For vertical bi-amp, would one really benefit from 100% of each amplifier? and what effect would it have in terms of the load current wise? Thanks.
Metronet, could you describe what exactly you are after, or what you would like to correct with what you already have? As someone above already noted, bi-wiring I think is essential with these speakers. If you want to add a little more mids, a trick I've heard about is to add another run of cable to the mids/tweets, so in essence you'd be having three runs to a speaker.
There are lots of threads on here about the Manis, many people like loads of power with them. If that's what you are after, it might be easier to scrap your amp and get some monos or something you could bridge.
From what I've heard of a Totem, if you go messing about with the crossover, you'll not have a speaker as it was tuned to sound.
Post a bit more info, and good luck!
Right, I forgot to mention that I am currently running bi-wires. Although I see it's one speaker cable per channel but I think inside it has multiple cores (?) and on the speakers side I had the jumpers removed.
I'd say there is nothing really wrong with my current setup. The class A amp for my room size and the music I listen to is perfect.
However, I do see the meter going to about 80% from time to time and am wondering if it'd help by going the bi-amp route. I never thought of upgrading because I am attached to the class A sound and getting Accuphase mono is unfortunately something that I could not afford :)
More to add - my thought process is that I am concerned that the class A sound in my setup is not going to lass very long... or not?
Ok, are you ready, You can make this work... Get yourself another amp. Use your y connectors...or another preamp. Run one amp full range to the woofer. Use your electronic crossover and run it lower than the crossover point in your mani 2's. Say 2.5k. Run your second amp through the crossover and back into the tweeter tap of your mani's. You now have the benefits of biamping without destroying the integrity of your Totems.
The Totem crossovers are in tact and working as designed. One amp runs the woofers full range, the second runs the tweeters, electronicly crossed through your Accuphase.
This will work with good results.
Agreed, it will work, but will it compromise sound quality?
I guess there's only one way to know...:)
Metronet, you should ask a dealer or company about the load and your 80%. As long as it doesn't sound overloaded, I would think it fine. Manis are a notorious load, down to 3 or 3.5.
Very interesting idea. What's the benefit of doing it this ways as opposed to the regular passive horizontal biamping? Also, there's no crossover in the tweeter section? Thanks.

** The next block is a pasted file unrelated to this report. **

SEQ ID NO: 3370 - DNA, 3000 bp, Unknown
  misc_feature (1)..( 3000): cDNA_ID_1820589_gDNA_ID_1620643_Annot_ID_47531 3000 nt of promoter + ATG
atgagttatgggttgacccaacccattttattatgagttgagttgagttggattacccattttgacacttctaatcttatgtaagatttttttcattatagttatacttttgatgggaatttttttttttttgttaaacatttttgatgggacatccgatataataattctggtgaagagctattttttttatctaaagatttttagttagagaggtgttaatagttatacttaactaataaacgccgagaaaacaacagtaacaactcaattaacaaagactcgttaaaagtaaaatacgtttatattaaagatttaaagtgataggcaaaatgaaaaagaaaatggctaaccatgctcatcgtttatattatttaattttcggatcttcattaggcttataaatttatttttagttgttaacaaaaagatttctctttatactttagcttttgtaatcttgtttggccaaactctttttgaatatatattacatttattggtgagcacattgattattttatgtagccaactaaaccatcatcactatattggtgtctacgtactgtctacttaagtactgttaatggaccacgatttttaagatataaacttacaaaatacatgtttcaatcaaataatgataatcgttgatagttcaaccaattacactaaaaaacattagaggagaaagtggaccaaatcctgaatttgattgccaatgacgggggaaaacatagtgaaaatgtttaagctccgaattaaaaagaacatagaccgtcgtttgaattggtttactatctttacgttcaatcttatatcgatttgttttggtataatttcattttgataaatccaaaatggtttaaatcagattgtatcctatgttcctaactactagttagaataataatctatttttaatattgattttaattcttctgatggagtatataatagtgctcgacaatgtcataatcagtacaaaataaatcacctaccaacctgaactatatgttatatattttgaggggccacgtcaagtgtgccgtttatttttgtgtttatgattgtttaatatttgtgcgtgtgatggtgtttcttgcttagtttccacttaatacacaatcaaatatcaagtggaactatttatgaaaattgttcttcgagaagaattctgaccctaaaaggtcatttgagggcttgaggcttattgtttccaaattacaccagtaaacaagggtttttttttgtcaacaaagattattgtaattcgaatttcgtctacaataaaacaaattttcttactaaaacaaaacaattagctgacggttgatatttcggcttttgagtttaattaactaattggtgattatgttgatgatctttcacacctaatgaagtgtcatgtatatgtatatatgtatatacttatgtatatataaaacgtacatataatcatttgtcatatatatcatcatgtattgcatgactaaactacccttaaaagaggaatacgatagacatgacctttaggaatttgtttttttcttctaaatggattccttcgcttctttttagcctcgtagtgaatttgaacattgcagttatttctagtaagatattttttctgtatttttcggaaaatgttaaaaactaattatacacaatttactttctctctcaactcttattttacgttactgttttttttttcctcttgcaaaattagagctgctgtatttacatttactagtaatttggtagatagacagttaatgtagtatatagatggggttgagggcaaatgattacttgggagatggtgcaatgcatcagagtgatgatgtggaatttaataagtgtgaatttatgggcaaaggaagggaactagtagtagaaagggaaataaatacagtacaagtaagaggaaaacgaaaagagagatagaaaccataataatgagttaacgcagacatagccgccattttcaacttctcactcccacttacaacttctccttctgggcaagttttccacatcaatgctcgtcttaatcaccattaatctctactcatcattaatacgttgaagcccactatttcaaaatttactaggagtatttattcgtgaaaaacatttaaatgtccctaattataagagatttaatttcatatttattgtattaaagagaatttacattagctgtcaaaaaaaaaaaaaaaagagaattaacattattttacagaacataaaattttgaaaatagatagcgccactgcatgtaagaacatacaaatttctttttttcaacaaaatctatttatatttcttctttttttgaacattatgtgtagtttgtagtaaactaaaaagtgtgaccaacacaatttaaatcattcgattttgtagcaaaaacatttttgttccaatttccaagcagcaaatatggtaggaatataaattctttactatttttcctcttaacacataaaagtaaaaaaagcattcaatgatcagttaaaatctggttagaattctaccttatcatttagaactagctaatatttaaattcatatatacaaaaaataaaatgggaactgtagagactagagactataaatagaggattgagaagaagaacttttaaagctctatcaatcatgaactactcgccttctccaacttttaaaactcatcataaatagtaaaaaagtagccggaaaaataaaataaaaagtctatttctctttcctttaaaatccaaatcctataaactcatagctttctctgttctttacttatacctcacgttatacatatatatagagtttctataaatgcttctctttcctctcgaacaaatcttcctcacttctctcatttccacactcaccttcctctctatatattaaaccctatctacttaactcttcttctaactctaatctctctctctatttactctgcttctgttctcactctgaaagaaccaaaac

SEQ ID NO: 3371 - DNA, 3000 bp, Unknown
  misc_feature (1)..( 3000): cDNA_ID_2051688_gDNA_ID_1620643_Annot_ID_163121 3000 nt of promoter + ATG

The Electronic is crossed slightly below the tweeter, so the Mani's own passive will still work as designed.
As far as benefits, it is for the tweeter only. The bass requires a huge percentage of the amplifiers power, so that amp will do its job as normal. The tweeter's amp will have the benefit of playing no bass, it will have all the normal benefits of Bi amping.
you really, really need to search the archives on biamping. There is one thread on this topic that has some excellent discussion and contribution from Steve McCormack. Find it, read it.
Also, I did biamp my Mani's. The result was at best a marginal improvement. I corresponded with Totem and they indicate you're much better off using a single higher power amp than biamping - so with the Manis the bang for the buck in adding a second amp is ver marginal. Not so with other speakers, but true for Manis. That said, since you have the second amp already - get some Y adapters (they are cheap) and try it. Just do it and you will have your questions answered.
I agree that the improvements will be marginal at best. If you have the hardware already, I'd try it. If you don't I would not. I was only trying to come up with a solution to get it done. I have not seen a really high quality Y adapter either. That would add a very weak link.
Good Luck, Tim
Also, just to be thourough, what stands are you using? Can make a big difference, although you were more concerned about amp clipping, sorry.
Agree with last posts, I think you've gone about as far as you can go with your Accuphase. Love it or move to another amp.
Thanks guys. I am extremely happy with my setup right now and will keep it is and continue to love it. Regarding stands I am using four Target T stands filled with lead shots, two speaker spikes each because the speaker is a bit longer in length. I am looking at the Sound Anchor stands, they look very nice.
Bdgregory, a thread that I could gain knowledge from is exactly what I am looking for. Is this the right one you refereed to?
that's the one! I recall others that are useful and worth taking in as well since they all have testimonials, but it's best when there is authoritative contribution like Steve McC provided.